I wrote most of this while taking a train in Paris, the same day that the Parson’s Green explosion happened.
Stylistically, it’s written as a stream of consciousness, and in present tense – a little different perhaps to what you are used to reading here, but bear with me…
I’m on the train to meet friends arriving at Charles de Gaul. It’s been a depressing news day. Well, most days are – between earthquakes, hurricanes and nuclear missile launches. But today’s news, in addition to being depressing, feels like a starkly relevant news day. Relevant in that there was a bomb on the London tube this morning. Relevant in that this morning there was a knife attack on a soldier in Chatelet train station in Paris. Relevant in that I’m on a train from Chatelet to the airport.
I look around and imagine that the tube in London might have looked much like this – different languages, different accents maybe, but in a big cosmopolitan city such as these two – maybe not. In this carriage packed full of faceless strangers, I remind myself that everyone here is an individual, someone with a story, a life, in the same way those people in Parson Green were. In fact, it’s hard to think about it when I apply it to the millions affected by the other news stories this week, those in far-off places like Myanmar and Syria affected by violence dished out by other humans and those in the Carribean Region and Central America suffering from nature’s violence. All strangers – all humans.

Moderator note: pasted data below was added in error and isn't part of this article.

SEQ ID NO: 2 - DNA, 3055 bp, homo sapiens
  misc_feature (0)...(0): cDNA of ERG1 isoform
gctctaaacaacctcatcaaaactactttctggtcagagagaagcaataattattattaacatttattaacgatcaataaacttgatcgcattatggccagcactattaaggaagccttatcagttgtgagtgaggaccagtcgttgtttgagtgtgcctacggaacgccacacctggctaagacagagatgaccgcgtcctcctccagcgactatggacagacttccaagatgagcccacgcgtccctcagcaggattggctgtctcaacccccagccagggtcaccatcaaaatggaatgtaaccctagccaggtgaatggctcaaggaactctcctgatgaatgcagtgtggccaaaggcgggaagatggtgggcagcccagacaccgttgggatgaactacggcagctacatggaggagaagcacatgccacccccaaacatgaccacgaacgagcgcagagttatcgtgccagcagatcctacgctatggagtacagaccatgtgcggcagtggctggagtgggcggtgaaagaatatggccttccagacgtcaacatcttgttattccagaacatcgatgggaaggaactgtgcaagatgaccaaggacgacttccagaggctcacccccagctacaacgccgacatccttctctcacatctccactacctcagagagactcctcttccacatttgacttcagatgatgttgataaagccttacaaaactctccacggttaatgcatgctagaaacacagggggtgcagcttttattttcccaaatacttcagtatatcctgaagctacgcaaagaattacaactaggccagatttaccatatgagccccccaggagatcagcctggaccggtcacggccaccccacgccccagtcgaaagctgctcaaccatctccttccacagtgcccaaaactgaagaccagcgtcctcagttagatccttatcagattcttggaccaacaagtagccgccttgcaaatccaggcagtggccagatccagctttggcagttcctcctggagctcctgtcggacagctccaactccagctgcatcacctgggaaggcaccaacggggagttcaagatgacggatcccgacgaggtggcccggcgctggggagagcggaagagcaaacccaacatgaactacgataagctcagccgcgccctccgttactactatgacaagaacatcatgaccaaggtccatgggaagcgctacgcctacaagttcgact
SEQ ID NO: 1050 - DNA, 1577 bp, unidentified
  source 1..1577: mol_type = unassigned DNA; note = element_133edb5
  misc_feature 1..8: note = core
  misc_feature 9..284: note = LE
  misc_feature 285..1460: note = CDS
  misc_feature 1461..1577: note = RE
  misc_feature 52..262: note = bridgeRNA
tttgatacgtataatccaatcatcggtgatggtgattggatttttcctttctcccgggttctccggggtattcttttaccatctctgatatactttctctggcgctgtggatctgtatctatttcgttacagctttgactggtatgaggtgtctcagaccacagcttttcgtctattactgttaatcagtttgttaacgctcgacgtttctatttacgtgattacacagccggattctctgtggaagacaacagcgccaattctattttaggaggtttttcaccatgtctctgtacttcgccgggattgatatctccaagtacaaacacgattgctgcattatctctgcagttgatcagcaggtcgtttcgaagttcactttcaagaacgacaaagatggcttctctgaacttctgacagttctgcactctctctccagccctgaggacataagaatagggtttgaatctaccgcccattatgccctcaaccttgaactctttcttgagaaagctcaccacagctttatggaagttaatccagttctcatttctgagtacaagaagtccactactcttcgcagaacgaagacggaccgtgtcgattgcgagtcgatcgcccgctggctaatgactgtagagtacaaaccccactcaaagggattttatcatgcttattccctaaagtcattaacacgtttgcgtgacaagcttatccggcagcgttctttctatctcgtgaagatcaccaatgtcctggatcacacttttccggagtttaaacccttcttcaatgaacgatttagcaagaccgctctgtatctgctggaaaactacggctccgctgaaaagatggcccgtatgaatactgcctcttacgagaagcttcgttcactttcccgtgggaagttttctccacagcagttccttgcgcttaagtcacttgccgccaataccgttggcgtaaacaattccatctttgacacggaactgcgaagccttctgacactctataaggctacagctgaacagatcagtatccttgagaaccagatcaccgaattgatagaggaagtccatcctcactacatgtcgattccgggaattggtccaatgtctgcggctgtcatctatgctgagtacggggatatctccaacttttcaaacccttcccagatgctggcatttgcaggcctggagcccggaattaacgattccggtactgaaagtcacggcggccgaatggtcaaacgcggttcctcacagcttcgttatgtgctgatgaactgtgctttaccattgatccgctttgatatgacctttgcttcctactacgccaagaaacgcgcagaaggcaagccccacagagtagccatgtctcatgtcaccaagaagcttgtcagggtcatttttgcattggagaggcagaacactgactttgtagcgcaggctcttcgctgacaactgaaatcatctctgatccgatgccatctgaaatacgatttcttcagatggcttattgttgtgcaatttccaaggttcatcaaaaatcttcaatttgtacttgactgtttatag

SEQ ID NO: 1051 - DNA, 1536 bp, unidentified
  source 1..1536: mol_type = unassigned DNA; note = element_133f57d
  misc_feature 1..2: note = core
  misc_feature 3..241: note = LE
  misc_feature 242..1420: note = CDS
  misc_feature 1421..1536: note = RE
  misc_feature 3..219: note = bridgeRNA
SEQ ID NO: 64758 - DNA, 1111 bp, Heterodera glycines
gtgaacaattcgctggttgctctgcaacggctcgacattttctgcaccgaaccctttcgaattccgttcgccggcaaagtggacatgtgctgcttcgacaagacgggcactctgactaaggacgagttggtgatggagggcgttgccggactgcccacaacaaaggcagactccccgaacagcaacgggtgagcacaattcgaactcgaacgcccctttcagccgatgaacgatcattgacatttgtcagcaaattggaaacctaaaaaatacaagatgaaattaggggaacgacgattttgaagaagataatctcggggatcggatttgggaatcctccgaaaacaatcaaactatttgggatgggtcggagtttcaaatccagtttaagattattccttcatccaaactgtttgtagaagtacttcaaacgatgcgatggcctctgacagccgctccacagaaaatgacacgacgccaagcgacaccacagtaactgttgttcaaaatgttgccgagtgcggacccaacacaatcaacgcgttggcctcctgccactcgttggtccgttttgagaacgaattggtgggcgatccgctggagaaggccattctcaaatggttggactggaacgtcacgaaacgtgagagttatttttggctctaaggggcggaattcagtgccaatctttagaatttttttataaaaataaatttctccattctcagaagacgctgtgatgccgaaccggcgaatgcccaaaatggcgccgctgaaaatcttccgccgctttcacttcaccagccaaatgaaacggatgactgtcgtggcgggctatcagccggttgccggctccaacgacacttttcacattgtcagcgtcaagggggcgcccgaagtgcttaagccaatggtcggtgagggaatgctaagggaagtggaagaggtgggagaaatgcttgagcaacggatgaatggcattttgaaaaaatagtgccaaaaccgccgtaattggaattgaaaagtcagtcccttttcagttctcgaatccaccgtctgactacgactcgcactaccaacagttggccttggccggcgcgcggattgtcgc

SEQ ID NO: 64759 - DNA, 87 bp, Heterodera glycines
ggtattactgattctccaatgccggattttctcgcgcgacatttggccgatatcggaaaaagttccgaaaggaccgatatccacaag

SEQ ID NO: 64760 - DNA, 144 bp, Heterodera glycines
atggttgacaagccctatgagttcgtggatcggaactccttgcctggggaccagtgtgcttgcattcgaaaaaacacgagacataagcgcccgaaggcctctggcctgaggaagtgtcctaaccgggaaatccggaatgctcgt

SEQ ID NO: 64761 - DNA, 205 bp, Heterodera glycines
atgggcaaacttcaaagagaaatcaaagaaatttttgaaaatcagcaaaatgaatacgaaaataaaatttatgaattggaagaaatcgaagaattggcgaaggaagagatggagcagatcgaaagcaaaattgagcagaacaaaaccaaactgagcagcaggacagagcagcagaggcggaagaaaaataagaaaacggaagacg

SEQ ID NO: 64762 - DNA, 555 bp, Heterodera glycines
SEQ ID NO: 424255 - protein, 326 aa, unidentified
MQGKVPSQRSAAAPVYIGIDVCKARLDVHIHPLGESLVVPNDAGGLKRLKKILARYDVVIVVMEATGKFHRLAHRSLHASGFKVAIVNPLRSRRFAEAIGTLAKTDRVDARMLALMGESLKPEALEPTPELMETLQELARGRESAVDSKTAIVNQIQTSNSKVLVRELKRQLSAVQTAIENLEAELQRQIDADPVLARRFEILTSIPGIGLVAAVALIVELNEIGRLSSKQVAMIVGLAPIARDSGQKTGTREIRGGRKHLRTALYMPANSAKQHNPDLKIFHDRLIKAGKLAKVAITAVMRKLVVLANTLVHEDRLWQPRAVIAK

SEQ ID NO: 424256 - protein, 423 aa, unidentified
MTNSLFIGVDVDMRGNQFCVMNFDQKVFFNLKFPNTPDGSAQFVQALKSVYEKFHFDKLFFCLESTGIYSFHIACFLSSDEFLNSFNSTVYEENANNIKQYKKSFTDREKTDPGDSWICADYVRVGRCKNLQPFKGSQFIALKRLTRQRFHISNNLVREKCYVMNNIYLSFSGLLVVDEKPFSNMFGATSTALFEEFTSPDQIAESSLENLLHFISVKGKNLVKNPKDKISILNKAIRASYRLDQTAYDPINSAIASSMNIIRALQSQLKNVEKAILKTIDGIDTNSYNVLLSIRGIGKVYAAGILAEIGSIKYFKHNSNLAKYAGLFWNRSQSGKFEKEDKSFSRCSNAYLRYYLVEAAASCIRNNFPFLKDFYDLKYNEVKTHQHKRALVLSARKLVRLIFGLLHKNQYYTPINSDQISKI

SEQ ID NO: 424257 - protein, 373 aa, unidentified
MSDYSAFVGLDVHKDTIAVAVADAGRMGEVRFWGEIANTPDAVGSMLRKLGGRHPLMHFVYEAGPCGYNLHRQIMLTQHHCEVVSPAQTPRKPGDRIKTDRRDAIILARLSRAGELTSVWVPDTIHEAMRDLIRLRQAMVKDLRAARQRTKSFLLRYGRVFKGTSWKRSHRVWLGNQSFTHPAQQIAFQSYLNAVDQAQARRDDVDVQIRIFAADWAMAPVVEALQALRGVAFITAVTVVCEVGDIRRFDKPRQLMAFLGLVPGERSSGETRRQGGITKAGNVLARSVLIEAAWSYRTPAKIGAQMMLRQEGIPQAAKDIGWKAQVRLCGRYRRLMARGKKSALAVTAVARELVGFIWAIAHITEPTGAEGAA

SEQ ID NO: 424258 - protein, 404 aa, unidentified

If a bomb went off right now in our carriage what fabric of humanity would be torn? And if I had to make a run for it or was injured which of these people would cease to be strangers?
Fear licks through me, pushed away by that ever-comforting “It will never happen to me.” But it has happened to someone – lots of someones. This fear is what the bad guys want us to feel.
That really tall guy, head and shoulders above everyone else has a birds-eye view of the carriage. Would he see an “incident” first?
Pink-sweater girl slides into his seat and her dad sits beside her. Her reward is a cuddle then she goes back to thumb sucking and twiddling while he takes out his phone and dives in.
As I leave the train, I realize I’m not scared, nor ever was, really. I was curious. My mind pondered the “what ifs” but my heart rate stayed steady and my mind rational. I didn’t really suspect anyone, nor blame anyone, nor hate anyone.
Many have been injured today and many more have justifiably been frightened today. [Referring to the day of the Parsons Green bomb -by the time I get this published it will be in the past.] I hope for the speedy recovery of those hurt one way or another. But I don’t have to be scared, not at this moment in time or space. There is no point in being scared. I refuse to let the rot spread – that rot of fear, hatred and violence that was planted on a train in London.
I threatened to get scared, in fact when I stared at the mended puma bag it was threat level “critical” but fear didn’t get me. I pulled out of that skid safely and now I feel victorious.
We all have our stories – let’s write them without prejudice, hatred or fear. Let’s show our humanness.